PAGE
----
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I'm making an application for tracking a user as they run, cycle or walk and display it to the screen. I know that there is distanceBetween function built into android but is this accurate enough for a fittness application? I was considering using Haversine formula or other such formula for calculating distances between points the only problem I see about these formulas is that it usually is straight line or as the crow flys distances. Does anyone have an idea about this?

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I suggest you specify how accurate you want it to be. –  Jaydee Jan 26 '12 at 16:00
    
I want to be accurate to about 1 metre as will be using it to calculate the speed the user is traveling at also –  Droid_Interceptor Jan 26 '12 at 16:23

2 Answers 2

up vote 2 down vote accepted

The Haversine formula is accurate for most distances, but it suffers from rounding errors when the points are (nearly) antipodal. The following formula is accurate for all distances.

> double delta = G1 - G2;  
>     double p1 = cos(L2) * sin(delta);
>     double p2 = cos(L1) * sin(L2) - sin(L1) * cos(L2) * cos(delta);  
>     double p3 = sin(L1) * sin(L2) + cos(L1) * cos(L2) * cos(delta);
>     distance = 60 * Math.atan2(Math.sqrt(p1*p1 + p2*p2), p3);

Here's an example and the implementation.

resource : Here

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My only problem with the haversine is when they turn a corner or something but that depends on how often I get the points. –  Droid_Interceptor Jan 26 '12 at 16:10
    
please make sure that above example give you the correct results. –  Gauraw Yadav Jan 26 '12 at 20:42
    
Wait, what? You accepted THIS answer? 1) It doesn't address the question 2) it is simply another crow-flight distance calculation 3) it cites a problem with haversine that occurs with points on opposite sides of the planet for your WALKING distance application 4) it's copy-and paste plagiarism. I can't even imagine what heuristic you used to chose your answer, the fact that it was java? Ha! –  umassthrower Jan 27 '12 at 3:28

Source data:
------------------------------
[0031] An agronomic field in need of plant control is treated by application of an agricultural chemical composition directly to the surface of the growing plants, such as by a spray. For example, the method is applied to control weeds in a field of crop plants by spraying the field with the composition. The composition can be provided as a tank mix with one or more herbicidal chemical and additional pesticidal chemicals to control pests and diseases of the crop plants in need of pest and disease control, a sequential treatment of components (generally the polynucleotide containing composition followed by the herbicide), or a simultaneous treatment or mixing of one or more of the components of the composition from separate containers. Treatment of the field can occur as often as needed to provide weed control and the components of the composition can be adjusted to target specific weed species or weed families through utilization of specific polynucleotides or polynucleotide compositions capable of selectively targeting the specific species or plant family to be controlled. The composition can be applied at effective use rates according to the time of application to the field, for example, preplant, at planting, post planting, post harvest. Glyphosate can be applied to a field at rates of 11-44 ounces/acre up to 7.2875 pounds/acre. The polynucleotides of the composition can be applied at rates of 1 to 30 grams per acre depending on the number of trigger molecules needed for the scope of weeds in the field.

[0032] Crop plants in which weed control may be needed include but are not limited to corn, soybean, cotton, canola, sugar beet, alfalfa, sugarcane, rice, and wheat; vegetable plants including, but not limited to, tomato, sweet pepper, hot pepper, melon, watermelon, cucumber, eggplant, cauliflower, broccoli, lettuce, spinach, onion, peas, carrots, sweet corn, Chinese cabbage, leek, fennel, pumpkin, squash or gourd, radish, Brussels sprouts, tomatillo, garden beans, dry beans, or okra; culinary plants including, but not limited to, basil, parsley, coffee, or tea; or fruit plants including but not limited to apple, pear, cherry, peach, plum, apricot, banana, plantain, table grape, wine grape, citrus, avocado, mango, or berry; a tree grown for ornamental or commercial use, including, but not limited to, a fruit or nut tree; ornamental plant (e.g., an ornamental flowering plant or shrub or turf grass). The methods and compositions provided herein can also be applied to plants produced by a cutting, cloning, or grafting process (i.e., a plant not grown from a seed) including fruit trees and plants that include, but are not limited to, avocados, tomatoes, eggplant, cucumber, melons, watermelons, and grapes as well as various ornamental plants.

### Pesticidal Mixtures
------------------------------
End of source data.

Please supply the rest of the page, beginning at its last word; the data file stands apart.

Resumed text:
1) For long distance use Great circle, for short please go through the link i had left @ here's an example implementation. 2) Did you check the other link? 3) The code here is for great circle n i guess you can implement it in java 4) Haversine forumals implementation is at the link i have provided 5)The questioner asked specifically " I was considering using Haversine formula or other such formula for calculating distances between points the only problem I see about these formulas is that it usually is straight line or as the crow flys distances. Does anyone have an idea about this?" –  Gauraw Yadav Jan 27 '12 at 11:12
    
These links are still crow-flight techniques. distanceBetween probably implements one of them. Like I said, this answer doesn't actually answer anything. The questions are: 1) is distanceBetween good enough and 2) any ideas on what else to do. The questioner specifically asked about calculating points for a fitness application, it's a silly, tangential, and a red-herring to criticize haversine's ANTIPODAL deficiencies for a fitness application by copying and pasting a sentence and formula from a web page on java data types and calling it an answer. –  umassthrower Jan 29 '12 at 10:52

Tracking their route as they walk is going to involve a series of way points. If you sample at say 1 way point every 10 seconds then you can calculate the distance between the previous point and the new point using either a crow-flys technique like haversine or just make some webservice requests to an external service like google maps and their distance matrix which can give you the snapped-to-streets distance between 2 points using suggested best path.

http://code.google.com/apis/maps/documentation/distancematrix/

You just have to make sure that your sample rate isn't too high or you can go over the 2500 API calls/24-hour-period rate limiter (which is per IP I believe). But 2500 will give you 7 hours at 1 sample per 10 seconds, or you can try a lower rate like 1 per 35 seconds and risk having the route be guessed wrong, but guarantee that your device won't go over 2500 samples.

Personally, if location polling is free, I would just go with distanceBetween and poll every 1-2 seconds. That should be short enough that the accuracy of GPS becomes your biggest source of error.

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1 thing to add is that the TOS for using this API call requires it be used with a google map. I would expect the mapping functionality on an android phone to be included in that, but IDK. –  umassthrower Jan 26 '12 at 16:08

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